Symbolism Wiki


White is an achromatic color that reflects all visible light of the spectrum. Its symbolism ranges across many things. The meaning of white varies from culture to culture.



Animals that are white are considered sacred to many cultures. For example, a white elephant was considered very sacred to the people of historical Myanmar, Cambodia, Thailand and Laos. White elephants  are also found in Buddhism, as they are associated with the birth of Buddha. White buffalo were considered sacred among the Native Americans of the Great Plains, as they symbolized fertility and the gods of the earth.

Western World

White is the traditional color of bridal dress in both western (European) and Japanese weddings. In Western weddings, a white dress is thought to be symbolic of purity (the bride has not engaged in pre-marital sex). This is also said to be the symbolism of the veil. In Japanese weddings, white is to symbolize the "death"[citation needed] of their former family and their introduction into their new family.

In some Asian cultures, white is considered to be a color that represents death.[8] White also represented death in ancient Egypt, representing the lifeless desert that covered much of the country; black was held to be the color of life, representing the mud-covered fertile lands created by the flooding of the Nile and giving the country its name (Kemet, or "black land"). The association of white with purity and peace is used by many religions. In Judeo-Christian tradition, white represents the purity and divinity of God's Word given to his followers.

White and black has the biggest visual contrast, this can easily be associated to other opposite concepts such as day and night or good and evil. White often represents purity or innocence in Western Civilization,[4] particularly as white clothing or objects are easy to stain. In most Western countries white is the color worn by brides at weddings. Angels are typically depicted as clothed in white robes. Healing or "good" magic is called White magic.[5] In early film Westerns the stereotypically "good guy" wore a white hat (earning them the name "White Hats") while the "bad guy" wore black (earning them the name "Black Hats"). This has given rise to the use of the names black hat and white hat for people who abuse and counter abuse of computer systems respectively. In popular culture this idea is sometimes reversed to play on reversal of stereotypes.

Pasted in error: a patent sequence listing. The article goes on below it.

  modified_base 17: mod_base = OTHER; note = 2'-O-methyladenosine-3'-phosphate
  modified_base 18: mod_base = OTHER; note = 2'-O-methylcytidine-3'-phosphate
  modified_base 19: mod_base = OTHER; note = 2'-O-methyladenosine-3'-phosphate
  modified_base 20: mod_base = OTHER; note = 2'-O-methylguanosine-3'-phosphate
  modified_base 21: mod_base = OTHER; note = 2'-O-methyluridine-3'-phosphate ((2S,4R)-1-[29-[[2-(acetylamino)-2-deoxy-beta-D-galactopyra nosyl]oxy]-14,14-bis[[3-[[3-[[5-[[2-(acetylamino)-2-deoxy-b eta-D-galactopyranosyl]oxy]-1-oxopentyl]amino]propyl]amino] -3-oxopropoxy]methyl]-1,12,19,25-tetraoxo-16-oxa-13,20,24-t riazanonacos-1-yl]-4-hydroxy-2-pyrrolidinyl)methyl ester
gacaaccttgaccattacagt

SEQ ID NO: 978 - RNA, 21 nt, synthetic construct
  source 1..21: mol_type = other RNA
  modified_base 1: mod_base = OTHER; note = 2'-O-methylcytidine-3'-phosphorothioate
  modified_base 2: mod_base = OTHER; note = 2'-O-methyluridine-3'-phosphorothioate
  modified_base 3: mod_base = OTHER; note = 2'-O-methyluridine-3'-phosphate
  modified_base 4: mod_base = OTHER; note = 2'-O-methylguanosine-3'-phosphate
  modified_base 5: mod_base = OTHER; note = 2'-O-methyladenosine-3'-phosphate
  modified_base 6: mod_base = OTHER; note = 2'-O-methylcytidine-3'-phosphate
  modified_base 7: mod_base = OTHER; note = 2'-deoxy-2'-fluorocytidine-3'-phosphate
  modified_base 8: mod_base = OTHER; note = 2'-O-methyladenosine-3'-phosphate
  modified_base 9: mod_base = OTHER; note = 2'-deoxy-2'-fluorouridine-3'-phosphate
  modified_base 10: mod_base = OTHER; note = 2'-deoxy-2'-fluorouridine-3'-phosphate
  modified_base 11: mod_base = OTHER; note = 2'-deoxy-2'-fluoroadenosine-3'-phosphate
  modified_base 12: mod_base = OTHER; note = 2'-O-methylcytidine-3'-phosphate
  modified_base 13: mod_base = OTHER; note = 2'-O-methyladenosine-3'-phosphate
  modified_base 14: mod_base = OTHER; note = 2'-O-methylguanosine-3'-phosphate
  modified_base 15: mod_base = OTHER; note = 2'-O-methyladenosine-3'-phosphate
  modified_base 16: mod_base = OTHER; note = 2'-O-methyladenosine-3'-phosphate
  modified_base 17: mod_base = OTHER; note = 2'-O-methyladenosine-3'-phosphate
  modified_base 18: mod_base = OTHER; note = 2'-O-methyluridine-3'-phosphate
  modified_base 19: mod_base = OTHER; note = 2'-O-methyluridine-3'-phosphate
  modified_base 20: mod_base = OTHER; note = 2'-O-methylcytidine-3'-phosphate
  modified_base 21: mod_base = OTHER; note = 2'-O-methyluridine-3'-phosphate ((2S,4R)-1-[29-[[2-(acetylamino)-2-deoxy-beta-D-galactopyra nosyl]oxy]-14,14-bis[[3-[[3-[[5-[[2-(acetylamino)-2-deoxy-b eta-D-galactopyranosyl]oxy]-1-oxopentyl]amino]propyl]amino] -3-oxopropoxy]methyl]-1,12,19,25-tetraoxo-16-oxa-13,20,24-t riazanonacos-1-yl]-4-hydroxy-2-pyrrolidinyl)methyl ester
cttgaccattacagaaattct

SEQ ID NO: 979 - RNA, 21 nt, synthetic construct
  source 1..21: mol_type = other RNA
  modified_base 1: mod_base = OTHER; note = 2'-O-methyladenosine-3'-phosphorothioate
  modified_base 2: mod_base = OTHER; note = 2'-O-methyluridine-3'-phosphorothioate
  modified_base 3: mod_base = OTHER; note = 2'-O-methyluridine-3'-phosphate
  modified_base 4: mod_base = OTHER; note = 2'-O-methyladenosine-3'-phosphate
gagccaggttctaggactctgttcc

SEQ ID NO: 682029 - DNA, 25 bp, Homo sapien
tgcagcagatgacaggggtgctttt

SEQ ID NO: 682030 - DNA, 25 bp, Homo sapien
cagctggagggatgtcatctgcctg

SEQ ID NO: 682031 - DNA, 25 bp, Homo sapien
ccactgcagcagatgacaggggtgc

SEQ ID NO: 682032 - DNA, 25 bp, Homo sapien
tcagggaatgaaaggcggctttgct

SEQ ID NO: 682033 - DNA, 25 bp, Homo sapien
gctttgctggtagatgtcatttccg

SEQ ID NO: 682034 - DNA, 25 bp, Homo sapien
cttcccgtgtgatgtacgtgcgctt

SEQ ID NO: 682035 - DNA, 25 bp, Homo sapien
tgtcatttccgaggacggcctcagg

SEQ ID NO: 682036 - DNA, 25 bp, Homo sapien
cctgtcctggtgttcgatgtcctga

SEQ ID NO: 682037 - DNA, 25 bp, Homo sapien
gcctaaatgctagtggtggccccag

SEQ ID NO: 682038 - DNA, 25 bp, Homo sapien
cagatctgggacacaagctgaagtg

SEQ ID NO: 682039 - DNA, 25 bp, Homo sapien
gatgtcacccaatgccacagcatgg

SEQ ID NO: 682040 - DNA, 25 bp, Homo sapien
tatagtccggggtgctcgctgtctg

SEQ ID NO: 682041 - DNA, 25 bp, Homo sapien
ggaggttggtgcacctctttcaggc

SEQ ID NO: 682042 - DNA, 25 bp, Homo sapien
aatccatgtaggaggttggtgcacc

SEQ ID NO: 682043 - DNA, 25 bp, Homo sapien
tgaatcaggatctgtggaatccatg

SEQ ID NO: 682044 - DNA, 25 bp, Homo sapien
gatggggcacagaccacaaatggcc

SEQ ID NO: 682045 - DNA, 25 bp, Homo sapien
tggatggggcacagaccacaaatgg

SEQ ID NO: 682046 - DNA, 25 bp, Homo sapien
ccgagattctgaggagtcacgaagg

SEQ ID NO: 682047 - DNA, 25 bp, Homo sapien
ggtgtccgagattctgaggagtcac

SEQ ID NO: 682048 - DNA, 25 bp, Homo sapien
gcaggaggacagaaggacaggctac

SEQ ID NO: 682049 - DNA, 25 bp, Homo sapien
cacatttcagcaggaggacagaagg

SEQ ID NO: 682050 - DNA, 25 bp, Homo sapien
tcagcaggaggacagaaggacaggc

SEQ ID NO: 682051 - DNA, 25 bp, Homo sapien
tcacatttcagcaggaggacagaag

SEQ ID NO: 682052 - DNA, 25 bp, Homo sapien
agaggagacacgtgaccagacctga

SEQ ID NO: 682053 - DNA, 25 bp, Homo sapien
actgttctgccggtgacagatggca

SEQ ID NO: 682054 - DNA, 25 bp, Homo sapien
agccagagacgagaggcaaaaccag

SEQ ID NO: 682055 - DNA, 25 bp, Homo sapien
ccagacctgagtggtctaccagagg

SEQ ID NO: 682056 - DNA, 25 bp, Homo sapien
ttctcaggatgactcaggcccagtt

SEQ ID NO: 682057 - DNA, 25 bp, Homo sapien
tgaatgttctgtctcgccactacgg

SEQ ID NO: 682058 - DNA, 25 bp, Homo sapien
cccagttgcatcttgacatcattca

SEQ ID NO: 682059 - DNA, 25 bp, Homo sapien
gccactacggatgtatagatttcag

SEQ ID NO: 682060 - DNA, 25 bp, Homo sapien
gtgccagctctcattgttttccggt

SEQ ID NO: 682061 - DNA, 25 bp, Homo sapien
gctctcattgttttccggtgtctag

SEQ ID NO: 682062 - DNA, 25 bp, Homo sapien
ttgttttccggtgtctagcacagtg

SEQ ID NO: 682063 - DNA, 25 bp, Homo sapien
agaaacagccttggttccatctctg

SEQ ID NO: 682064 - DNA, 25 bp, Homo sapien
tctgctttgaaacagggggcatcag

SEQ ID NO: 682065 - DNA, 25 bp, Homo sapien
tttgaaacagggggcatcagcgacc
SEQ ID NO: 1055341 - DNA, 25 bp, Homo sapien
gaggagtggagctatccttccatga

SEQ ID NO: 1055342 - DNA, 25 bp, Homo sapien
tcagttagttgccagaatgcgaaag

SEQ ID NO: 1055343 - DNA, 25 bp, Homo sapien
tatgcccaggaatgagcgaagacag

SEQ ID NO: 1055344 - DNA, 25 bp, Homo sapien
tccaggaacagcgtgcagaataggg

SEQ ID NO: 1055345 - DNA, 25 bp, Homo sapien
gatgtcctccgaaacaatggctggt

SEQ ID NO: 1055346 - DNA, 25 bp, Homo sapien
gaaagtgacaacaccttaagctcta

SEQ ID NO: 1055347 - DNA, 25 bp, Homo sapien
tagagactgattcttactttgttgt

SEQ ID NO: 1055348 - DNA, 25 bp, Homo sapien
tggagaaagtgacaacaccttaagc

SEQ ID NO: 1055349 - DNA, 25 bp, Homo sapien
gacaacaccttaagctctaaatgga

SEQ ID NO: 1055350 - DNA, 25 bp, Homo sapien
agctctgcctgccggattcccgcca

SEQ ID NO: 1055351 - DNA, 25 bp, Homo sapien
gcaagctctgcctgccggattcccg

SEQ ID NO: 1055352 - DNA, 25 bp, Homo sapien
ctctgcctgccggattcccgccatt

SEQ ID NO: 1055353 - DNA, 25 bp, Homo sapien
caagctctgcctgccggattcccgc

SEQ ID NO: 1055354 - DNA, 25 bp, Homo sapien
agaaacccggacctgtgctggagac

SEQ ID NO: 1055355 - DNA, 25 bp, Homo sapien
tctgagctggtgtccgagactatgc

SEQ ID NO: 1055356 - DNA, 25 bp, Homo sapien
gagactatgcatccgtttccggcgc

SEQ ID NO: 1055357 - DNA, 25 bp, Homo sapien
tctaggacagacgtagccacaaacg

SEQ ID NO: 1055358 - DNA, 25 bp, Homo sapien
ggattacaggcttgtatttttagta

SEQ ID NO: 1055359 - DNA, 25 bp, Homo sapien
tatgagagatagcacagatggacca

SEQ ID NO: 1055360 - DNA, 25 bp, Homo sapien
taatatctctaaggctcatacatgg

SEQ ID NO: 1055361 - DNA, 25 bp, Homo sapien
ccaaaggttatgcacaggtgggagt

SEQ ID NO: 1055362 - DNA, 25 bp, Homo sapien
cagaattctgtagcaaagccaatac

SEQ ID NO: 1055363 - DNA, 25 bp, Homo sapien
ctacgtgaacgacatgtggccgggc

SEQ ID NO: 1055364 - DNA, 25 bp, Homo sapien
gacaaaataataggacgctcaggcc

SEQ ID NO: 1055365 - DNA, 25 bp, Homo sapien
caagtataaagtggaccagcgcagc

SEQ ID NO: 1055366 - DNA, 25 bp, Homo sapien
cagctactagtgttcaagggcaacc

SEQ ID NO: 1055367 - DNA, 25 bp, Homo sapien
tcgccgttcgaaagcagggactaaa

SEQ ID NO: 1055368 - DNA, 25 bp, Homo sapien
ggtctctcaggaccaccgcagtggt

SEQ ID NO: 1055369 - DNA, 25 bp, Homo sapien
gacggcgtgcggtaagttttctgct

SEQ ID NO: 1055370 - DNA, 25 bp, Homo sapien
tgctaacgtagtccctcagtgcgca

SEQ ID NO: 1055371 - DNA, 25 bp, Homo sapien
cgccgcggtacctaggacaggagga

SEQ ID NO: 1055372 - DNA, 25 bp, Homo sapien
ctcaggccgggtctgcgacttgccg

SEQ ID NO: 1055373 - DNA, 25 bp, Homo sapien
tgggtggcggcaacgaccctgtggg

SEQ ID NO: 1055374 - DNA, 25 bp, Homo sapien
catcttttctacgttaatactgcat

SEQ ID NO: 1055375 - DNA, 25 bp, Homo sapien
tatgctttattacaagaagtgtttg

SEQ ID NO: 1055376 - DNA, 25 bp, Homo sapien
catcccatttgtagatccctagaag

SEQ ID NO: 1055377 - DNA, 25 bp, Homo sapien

In taoism which has great influence in Eastern culture Yin and yang is usually depicted in black and white, depicting the two colors as opposites. The two opponents in board games of abstract strategy often has one as white, such as go, chess, and checkers.


In heraldic symbols such as that of England, white represents the metal silver. In turn, that symbolizes brightness and virtue.

Poets such as Sylvia Plath use the colour white to symbolise death.

East Asia

In historical and modern East Asia, white represented the element Metal, Autumn, West, and death. Its association with death led to its use as the traditional color of mourning. Also, it represented ghosts because white is an intangible color that hides nothing.

Ancient Egypt

Much like in East Asia, white was seen as the colour of death and decay, associated with the infertile desert and with chaotic gods like Set and Sekhmet. However, due to it's  simplicity, deities were often depicted wearing white clothes.